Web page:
Turning now to reported profits and margins. Adjusted EBITDA totaled $988 million, up 42% versus year ago. Adjusted EBITDA margin was 36.1% and represented margin expansion of 420 basis points. Margin benefitted from legacy IHS expansion of 300 basis points and the inclusion of Markit results. Stock-based compensation expense was $204 million and included additional expense from revaluation of Markit outstanding grants and acceleration of certain share awards associated with severance activities post-merger as well as conversion of ISH [ph] PSUs to RSUs. These items will continue to impact stock-based comp expense into 2017 as the accounting for stock-based comp amortizes expense over the life of the equity investing period.
In terms of actual share issuance activity, we expect to issue 5.5 million RSUs and PSUs in 2017, which at the current share price equates to stock-based compensation grants of approximately $200 million, which will be amortized over the vesting period of the awards, generally three years. In 2018, we’ve planned to reduce RSU and PSU issuance to 4 million shares which at the current share price would equal stock-based compensation grants of approximately $150 million.
In terms of taxes, our effective GAAP tax rate was minus 4% and our adjusted tax rate was 26%. The negative GAAP tax rate was driven by impacts from the merger of tax benefits related to merger costs, acquired tangible assets and the merger capital structure. Most of these impacts were excluded from our adjusted tax rate. The adjusted rate did benefit from the merger of capital structure. Finally, adjusted EPS was $1.80 per diluted share, an increase of $0.20 or 13%.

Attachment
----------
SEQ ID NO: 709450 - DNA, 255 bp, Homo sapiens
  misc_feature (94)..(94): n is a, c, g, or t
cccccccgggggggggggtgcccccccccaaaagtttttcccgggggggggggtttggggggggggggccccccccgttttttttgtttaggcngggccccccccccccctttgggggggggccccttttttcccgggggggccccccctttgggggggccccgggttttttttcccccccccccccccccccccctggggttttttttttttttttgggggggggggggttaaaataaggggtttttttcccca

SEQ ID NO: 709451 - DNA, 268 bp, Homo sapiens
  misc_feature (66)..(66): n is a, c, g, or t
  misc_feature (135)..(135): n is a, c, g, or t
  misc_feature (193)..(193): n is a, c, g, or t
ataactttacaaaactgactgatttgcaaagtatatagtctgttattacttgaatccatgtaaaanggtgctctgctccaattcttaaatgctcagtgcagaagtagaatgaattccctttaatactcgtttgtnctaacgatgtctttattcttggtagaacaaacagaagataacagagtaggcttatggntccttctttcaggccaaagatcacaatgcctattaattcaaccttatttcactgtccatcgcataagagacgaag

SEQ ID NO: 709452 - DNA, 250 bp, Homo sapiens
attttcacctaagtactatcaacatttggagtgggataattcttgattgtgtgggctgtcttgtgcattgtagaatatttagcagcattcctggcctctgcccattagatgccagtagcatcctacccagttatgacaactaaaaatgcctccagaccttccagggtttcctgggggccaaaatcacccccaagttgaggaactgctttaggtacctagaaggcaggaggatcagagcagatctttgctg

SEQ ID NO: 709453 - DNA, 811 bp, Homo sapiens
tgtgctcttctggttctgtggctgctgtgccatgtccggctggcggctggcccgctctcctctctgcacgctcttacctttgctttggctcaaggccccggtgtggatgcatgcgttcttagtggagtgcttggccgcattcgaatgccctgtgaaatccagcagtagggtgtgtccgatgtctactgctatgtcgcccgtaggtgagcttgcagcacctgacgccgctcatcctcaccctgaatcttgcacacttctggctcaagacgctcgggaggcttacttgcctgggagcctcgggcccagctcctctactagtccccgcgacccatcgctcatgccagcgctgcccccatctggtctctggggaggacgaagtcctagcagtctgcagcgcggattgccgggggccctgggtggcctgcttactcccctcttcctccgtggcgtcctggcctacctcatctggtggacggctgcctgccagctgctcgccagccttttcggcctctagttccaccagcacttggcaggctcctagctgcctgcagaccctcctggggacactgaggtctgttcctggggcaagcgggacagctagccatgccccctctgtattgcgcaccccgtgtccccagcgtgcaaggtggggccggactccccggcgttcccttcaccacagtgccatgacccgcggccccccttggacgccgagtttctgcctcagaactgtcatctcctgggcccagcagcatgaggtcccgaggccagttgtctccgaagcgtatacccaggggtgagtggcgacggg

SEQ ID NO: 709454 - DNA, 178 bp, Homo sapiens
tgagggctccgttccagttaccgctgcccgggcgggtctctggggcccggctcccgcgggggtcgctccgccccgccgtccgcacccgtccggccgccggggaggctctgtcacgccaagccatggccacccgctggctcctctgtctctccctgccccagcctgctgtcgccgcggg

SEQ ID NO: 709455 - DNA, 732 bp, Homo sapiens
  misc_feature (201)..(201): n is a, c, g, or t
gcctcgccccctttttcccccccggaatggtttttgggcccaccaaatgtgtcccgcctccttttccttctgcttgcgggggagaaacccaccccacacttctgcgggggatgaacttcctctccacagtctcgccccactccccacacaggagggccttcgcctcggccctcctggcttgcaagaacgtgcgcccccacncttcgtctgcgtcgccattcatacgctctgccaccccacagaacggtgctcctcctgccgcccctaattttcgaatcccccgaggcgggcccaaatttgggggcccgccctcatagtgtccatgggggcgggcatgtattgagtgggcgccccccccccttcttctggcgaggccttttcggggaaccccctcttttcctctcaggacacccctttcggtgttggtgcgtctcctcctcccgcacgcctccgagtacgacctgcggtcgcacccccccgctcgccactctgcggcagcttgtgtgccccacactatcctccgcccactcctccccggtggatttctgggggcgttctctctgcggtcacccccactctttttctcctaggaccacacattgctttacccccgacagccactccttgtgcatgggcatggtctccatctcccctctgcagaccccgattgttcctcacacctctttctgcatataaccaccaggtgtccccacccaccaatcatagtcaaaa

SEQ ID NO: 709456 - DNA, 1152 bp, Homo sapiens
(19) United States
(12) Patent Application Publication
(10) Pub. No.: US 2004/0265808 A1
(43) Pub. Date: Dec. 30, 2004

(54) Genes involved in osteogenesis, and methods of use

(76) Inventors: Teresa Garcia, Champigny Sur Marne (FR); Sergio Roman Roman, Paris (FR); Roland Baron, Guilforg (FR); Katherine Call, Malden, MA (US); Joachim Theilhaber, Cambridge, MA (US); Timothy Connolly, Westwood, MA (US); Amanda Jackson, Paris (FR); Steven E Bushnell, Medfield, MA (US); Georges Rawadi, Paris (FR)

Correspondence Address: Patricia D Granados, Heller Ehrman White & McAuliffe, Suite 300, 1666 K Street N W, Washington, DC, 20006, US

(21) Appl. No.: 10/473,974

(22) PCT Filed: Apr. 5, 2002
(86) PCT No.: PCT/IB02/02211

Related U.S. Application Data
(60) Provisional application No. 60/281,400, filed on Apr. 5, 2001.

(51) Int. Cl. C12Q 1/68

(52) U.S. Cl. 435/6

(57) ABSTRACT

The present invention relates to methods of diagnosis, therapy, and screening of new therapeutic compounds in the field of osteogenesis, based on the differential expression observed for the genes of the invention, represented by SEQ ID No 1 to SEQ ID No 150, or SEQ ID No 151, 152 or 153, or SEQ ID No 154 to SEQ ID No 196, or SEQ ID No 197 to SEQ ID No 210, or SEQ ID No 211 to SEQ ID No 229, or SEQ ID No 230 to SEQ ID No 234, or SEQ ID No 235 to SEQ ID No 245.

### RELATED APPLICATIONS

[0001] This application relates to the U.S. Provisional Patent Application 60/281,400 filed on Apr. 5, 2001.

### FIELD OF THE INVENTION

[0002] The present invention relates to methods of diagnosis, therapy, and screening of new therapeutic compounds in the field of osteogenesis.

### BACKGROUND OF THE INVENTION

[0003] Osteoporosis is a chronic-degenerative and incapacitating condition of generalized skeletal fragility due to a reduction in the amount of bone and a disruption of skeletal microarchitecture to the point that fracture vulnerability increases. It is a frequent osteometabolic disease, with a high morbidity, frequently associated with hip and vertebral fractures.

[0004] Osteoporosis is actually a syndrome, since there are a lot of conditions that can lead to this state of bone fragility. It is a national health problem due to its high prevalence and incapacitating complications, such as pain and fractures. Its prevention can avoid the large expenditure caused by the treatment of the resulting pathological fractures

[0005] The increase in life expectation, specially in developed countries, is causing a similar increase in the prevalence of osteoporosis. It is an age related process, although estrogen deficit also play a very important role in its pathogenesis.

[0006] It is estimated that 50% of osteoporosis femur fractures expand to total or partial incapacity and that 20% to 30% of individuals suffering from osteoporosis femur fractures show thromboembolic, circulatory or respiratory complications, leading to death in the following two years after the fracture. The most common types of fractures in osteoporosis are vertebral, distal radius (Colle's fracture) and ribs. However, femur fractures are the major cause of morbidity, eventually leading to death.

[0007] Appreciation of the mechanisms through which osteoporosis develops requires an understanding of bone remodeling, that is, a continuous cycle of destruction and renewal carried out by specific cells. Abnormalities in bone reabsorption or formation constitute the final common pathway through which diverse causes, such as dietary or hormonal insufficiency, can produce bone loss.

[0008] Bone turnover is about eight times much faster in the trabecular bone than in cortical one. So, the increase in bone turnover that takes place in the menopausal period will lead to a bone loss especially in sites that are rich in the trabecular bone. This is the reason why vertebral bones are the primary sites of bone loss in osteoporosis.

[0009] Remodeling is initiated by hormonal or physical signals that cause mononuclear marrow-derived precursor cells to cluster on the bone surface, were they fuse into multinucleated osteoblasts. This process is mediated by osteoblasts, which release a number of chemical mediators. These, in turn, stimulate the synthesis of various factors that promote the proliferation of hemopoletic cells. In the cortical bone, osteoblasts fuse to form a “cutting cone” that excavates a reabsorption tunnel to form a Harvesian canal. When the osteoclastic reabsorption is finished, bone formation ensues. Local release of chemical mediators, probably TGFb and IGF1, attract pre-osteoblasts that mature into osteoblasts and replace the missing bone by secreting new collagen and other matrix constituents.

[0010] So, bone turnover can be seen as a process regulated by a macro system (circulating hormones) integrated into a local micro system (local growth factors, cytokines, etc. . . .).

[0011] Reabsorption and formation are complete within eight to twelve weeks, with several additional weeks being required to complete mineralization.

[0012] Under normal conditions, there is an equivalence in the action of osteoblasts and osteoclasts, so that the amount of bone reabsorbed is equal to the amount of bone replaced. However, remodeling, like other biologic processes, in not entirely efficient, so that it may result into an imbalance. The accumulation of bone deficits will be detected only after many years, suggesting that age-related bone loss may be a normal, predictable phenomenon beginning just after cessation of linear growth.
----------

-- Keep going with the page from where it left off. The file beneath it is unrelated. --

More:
We are reaffirming our 2017 guidance which we provided on our November 14th guidance call. In terms of highlights, this guidance provides for revenue in the range of $3.49 billion to $3.56 billion. This represents 2% to 4% organic revenue growth, negative FX impact of approximately $50 million, and acquisitive revenue of slightly less than $20 million from the CARPROOF and OPIS acquisitions; adjusted EBITDA of $1.375 billion to $1.4 billion, which represents margin of 39.4% at the midpoint and adjusted EPS of $2.02 to $2.08.
Just to remind and help you with modeling, CERAWeek has moved from Q1 in 2016 to Q2 in 2017 and the Boiler and Pressure Vessel Code will be in our second half results this year. Prior year’s CERAWeek revenue was approximately $15 million at relatively high incremental contribution margin. Boiler Code revenue is approximately $10 million and is relatively low margin.